Page 1
LETTERS
Interference between two indistinguishable electrons
from independent sources
I. Neder1, N. Ofek1, Y. Chung2, M. Heiblum1, D. Mahalu1& V. Umansky1
Very much like the ubiquitous quantum interference of a single
particlewithitself1,quantuminterferenceoftwoindependent,but
indistinguishable, particles is also possible. For a single particle,
the interference is between the amplitudes of the particle’s wave-
functions, whereas the interference between two particles is a
direct result of quantum exchange statistics. Such interference is
observed only in the joint probability of finding the particles in
twoseparateddetectors,aftertheywereinjectedfromtwospatially
separated and independent sources. Experimental realizations of
two-particle interferometers have been proposed2,3; in these pro-
posals it was shown that such correlations are a direct signature of
quantumentanglement4betweenthespatialdegreesoffreedomof
thetwoparticles(‘orbitalentanglement’),eventhoughtheydonot
interact with each other. In optics, experiments using indistin-
guishable pairs of photons encountered difficulties in generating
pairs of independent photons and synchronizing their arrival
times; thus they have concentrated on detecting bunching of
photons(bosons)bycoincidencemeasurements5,6.Similarexperi-
ments with electrons are rather scarce. Cross-correlation mea-
surements between partitioned currents, emanating from one
source7–10, yielded similar information to that obtained from
auto-correlation (shot noise) measurements11,12. The proposal of
ref. 3 is an electronic analogue to the historical Hanbury Brown
and Twiss experiment with classical light13,14. It is based on the
electronicMach–Zehnderinterferometer15thatusesedgechannels
in the quantum Hall effect regime16. Here we implement such an
interferometer. We partitioned two independent and mutually
incoherent electron beams into two trajectories, so that the
combined four trajectories enclosed an Aharonov–Bohm flux.
Although individual currents and their fluctuations (shot noise
measured by auto-correlation) were found to be independent of
the Aharonov–Bohm flux, the cross-correlation between current
fluctuations at two opposite points across the device exhibited
strong Aharonov–Bohm oscillations, suggesting orbital entangle-
ment between the two electron beams.
In many ways, experiments with electrons are easier than those
with photons. Injecting electrons from an extremely cold and degen-
eratefermionicreservoirproducesahighlyorderedbeamofelectrons
that is totally noiseless17; hence, a high coincidence rate is achieved
without the need to synchronize the arrival times of the electrons. As
each electron has a definite energy (Fermi energy) and momentum
(Fermi momentum), electrons can be made indistinguishable by
injecting them from two equal voltage sources. Moreover, because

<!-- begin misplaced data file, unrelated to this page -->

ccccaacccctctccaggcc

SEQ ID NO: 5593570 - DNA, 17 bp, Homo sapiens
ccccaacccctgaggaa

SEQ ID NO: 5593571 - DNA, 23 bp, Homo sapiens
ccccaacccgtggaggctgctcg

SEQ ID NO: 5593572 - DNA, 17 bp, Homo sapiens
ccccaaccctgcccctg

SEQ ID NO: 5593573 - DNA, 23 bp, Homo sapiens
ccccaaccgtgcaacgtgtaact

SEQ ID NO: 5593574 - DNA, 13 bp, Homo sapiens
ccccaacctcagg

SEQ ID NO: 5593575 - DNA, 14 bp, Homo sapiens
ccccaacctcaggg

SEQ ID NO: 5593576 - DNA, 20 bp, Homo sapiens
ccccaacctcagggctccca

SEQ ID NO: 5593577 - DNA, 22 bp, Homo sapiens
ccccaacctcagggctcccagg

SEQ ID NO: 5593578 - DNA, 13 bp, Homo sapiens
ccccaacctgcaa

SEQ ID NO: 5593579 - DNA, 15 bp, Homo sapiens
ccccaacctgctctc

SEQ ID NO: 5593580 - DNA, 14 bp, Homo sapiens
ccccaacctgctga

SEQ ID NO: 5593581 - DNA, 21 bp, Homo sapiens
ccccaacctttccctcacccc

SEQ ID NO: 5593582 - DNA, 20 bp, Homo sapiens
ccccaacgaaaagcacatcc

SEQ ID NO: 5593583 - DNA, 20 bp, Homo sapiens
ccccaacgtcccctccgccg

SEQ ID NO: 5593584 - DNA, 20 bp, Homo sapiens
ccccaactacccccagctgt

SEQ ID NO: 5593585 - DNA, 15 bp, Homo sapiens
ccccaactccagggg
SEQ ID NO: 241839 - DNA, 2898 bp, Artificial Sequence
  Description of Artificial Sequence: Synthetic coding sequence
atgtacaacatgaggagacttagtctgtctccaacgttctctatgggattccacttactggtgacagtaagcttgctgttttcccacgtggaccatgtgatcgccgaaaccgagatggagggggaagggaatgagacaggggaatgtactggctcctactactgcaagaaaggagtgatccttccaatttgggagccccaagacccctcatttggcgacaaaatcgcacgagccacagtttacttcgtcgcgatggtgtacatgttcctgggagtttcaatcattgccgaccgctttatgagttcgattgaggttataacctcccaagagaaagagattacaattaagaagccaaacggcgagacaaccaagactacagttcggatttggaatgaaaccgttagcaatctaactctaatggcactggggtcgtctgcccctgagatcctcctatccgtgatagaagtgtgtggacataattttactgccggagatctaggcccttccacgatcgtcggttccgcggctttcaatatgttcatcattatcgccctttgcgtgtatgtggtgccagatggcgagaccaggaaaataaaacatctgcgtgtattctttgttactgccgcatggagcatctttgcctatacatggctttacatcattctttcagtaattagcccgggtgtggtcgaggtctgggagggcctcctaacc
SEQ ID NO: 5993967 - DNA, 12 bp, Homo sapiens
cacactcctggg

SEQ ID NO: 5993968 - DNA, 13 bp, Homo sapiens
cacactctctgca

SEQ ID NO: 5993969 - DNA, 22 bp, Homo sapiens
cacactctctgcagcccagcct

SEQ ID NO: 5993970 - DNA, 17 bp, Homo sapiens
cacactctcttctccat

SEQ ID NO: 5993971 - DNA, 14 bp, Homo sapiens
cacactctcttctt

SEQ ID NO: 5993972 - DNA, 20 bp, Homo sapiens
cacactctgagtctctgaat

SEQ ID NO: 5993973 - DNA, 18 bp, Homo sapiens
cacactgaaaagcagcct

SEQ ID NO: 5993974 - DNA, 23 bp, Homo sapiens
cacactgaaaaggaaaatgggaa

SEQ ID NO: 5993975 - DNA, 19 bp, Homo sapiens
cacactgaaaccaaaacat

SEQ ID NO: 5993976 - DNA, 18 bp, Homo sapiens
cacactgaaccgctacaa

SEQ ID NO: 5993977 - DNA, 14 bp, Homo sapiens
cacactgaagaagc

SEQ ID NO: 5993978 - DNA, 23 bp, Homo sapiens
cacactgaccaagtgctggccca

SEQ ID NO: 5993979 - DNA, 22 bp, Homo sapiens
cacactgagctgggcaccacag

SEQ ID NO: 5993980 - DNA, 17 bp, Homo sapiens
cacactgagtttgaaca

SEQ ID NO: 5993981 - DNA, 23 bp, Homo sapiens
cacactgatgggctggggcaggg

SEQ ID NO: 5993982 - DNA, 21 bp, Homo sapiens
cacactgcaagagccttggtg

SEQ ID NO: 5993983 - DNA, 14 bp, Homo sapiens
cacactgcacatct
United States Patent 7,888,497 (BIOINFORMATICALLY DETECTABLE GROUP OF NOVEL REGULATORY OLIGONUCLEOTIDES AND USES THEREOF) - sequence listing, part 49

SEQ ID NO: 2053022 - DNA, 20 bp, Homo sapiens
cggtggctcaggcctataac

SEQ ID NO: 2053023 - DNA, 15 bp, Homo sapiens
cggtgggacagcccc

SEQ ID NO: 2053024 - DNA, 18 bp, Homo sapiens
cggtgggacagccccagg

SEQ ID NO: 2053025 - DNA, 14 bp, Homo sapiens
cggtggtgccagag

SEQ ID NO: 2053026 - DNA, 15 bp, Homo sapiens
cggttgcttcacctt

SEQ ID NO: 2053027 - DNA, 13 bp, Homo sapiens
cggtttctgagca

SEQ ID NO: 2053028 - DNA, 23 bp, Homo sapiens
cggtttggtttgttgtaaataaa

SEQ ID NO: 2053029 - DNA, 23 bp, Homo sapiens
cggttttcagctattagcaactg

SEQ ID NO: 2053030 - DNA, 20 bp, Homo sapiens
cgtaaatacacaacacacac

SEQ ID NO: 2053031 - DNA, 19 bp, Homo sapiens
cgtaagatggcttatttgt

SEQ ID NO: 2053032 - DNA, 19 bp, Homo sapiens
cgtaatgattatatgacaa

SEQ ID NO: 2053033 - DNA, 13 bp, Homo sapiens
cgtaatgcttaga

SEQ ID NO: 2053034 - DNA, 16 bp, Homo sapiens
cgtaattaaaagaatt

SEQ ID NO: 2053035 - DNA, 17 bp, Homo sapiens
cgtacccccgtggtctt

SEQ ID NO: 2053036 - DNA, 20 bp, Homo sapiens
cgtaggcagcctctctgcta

the coherence length of the electrons (‘wave packet width’ or ‘spatial
size’)isdeterminedbythesourcevoltage(atlowtemperature),avery
smallsourcevoltageensuresthepresenceofasingleelectronatatime
in the interferometer, preventing electron–electron interactions.
However, the small voltage leads to an exceedingly small electrical
currentandtominutefluctuations, makingthemeasurements extre-
mely difficult to perform.
A diagram of our experiment is shown in Fig. 1a (ref. 2). Two
independent, separated, sources of electrons (S1 and S2) inject
ordered, hence noiseless, electrons towards each other. Each stream
passes through a beam splitter (A and B), and splits into two nega-
tivelycorrelatedpartitionedstreams(ifanelectronturnsright,ahole
is injected to the left). Both sets of the two partitioned streams join
each other attwo additional beam splitters (Cand D),interfere there
and generate altogether four streams that are collected bydrains D1–
D4. Hence, every electron emitted by either S1 or S2 eventually
arrived at one of the four drains. Consider now the event where
one electron arrives at D2 and the other arrives at D4. There are
twoquantummechanicalprobabilityamplitudescontributingtothis
event:S1toD2andS2toD4;or,alternatively,S1toD4andS2toD2.
These two ‘two-particle’ events can interfere because they are indis-
tinguishable. Because in the two possible events the electrons travel
along different paths (thus accumulating different phases), the joint
probability of one arriving at D2 and the other at D4 contains the
total phase of all paths—as we show below.
The two wavefunctions, corresponding to the incoming states
from each of the two sources YSi, can be expressed in the basis of
theoutgoingstatesatthefourdrainsyDj.Assuming, as intheexperi-
ment, that every beam splitter is half reflecting and half transmitting,
its unitary scattering matrix M (that ties the input and output states)
rt
t0
r0
of the four possible paths w1,::,w4:
YS1(x)~1
2ieiw1yD1(x){eiw1yD2(x)zieiw2yD3(x)zeiw2yD4(x)
canbetakenas:M~
??
~1ffiffi
2